DEAR ABBY: A recent letter in your column misquoted information from one of my publications, "Medical Examination of Sports Scuba Divers." Nowhere in my study is it stated that the chronic conditions mentioned (such as asthma, diabetes, headaches, high blood pressure, coronary artery disease, valvular heart disease, congenital heart disease, etc.) are prohibitions against sport diving.
We have established physical standards for sport divers, and these accommodate many people with chronic illnesses who wish to participate in this sport.
Information about diving with chronic illness can be found at www.scubamed.com. Thanks for getting the word out, Abby. Your advice regarding proper training and certification is appreciated. -- DR. ALFRED BOVE, PHILADELPHIA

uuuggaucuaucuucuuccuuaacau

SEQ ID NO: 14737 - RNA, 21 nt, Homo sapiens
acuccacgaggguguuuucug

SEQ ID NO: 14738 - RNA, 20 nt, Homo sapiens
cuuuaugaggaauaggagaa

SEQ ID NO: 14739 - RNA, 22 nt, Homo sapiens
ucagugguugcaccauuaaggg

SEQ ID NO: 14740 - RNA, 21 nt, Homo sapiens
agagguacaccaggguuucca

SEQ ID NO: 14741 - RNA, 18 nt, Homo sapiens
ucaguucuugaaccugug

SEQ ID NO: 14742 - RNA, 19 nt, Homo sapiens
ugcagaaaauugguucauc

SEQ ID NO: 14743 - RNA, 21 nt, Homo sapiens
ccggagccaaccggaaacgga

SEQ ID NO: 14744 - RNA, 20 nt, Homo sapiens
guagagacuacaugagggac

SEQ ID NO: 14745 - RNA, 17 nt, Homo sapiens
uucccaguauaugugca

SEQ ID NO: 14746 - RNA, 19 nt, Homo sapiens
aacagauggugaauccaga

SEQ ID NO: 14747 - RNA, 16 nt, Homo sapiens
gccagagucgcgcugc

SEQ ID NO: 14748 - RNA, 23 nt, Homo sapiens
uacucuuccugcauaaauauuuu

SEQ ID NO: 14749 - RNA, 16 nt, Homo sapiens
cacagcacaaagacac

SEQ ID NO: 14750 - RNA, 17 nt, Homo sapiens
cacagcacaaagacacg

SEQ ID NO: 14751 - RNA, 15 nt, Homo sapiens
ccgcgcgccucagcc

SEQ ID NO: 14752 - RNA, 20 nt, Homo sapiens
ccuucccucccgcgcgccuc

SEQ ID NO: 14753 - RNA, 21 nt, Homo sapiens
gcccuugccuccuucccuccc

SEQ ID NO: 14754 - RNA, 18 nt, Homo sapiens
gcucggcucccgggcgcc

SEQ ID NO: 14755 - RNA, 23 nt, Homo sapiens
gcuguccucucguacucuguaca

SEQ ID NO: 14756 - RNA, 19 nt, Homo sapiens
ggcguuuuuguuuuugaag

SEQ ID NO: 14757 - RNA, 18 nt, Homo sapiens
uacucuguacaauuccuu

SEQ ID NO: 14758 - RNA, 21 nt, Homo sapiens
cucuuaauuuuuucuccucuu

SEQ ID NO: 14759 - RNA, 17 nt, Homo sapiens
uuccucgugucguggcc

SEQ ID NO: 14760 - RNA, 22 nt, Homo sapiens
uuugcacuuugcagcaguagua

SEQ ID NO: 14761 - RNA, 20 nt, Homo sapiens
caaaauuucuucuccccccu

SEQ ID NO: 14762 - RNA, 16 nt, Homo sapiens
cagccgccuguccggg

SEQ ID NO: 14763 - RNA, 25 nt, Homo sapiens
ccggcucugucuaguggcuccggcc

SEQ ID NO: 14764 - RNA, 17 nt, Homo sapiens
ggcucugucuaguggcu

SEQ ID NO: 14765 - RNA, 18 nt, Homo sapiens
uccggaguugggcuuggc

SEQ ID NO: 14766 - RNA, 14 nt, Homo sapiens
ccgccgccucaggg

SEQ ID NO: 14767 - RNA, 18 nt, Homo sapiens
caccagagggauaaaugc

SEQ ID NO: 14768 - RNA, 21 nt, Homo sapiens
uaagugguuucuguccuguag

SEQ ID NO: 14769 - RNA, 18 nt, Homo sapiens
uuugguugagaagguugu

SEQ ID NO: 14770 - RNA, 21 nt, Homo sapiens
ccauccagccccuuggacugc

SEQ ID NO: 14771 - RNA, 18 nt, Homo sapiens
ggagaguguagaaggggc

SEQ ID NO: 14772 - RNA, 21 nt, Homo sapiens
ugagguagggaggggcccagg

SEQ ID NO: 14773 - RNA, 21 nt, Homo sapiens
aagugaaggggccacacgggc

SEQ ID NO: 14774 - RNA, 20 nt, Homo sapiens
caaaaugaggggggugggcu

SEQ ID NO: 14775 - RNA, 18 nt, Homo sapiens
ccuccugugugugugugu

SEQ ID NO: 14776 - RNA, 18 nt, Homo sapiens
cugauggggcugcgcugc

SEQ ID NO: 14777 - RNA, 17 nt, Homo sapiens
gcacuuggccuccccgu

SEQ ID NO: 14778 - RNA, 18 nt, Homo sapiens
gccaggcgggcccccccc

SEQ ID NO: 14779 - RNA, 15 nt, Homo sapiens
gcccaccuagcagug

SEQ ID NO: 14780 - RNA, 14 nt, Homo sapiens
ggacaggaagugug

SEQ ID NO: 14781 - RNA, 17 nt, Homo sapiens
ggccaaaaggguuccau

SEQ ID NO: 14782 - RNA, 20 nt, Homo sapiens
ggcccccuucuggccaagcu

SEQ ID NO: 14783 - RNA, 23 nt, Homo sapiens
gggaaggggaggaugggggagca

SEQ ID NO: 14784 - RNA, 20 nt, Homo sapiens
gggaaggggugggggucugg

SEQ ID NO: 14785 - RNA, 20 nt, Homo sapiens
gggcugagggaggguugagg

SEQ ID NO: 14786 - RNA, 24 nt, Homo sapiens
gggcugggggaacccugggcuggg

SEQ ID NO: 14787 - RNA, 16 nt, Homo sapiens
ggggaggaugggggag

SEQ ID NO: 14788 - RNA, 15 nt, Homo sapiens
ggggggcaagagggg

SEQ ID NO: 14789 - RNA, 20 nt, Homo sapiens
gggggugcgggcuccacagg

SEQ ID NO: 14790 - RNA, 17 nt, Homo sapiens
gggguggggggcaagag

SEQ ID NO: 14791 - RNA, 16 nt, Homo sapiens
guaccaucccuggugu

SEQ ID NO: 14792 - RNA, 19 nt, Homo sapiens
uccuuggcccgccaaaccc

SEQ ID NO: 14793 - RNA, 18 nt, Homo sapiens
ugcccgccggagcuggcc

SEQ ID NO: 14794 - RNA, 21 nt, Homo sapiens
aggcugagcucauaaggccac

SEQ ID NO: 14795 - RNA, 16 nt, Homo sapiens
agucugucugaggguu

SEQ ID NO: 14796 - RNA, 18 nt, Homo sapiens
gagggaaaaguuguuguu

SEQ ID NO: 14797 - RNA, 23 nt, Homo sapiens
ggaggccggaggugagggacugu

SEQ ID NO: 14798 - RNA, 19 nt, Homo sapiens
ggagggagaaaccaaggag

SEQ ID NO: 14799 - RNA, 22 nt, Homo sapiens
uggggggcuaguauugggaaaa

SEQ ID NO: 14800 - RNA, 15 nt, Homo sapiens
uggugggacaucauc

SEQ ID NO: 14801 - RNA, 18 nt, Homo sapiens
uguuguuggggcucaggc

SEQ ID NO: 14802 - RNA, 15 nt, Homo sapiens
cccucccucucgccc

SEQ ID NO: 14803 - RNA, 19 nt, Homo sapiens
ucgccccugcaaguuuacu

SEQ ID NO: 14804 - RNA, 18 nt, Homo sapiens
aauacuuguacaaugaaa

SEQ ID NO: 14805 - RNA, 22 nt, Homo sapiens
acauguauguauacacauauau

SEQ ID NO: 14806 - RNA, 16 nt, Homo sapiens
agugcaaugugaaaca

DEAR DR. BOVE: Thank you for correcting the error. You are not the only expert I heard from. Read on:
DEAR ABBY: In response to Sarah Moody's letter about her son who died tragically of an asthma attack while scuba diving, Ms. Moody did not mention the organization that trained her son for diving, or if he had been certified.
It should be noted that all major certifying organizations (NAUI, PADI, SSI, YMCA) screen scuba students up front and exclude from training anyone with medical conditions considered "absolute contraindications." While scuba diving is not inherently dangerous, it involves certain risks and physical demands. Anyone who wants to experience the fun of scuba diving needs proper training from a reputable certifying agency, and -- as with any new physical activity -- should have a doctor's OK before doing so. -- SKIP POLLARD, SCUBA INSTRUCTOR, FORT LAUDERDALE
DEAR SKIP: That's practical advice, and it could save a life if it's heeded.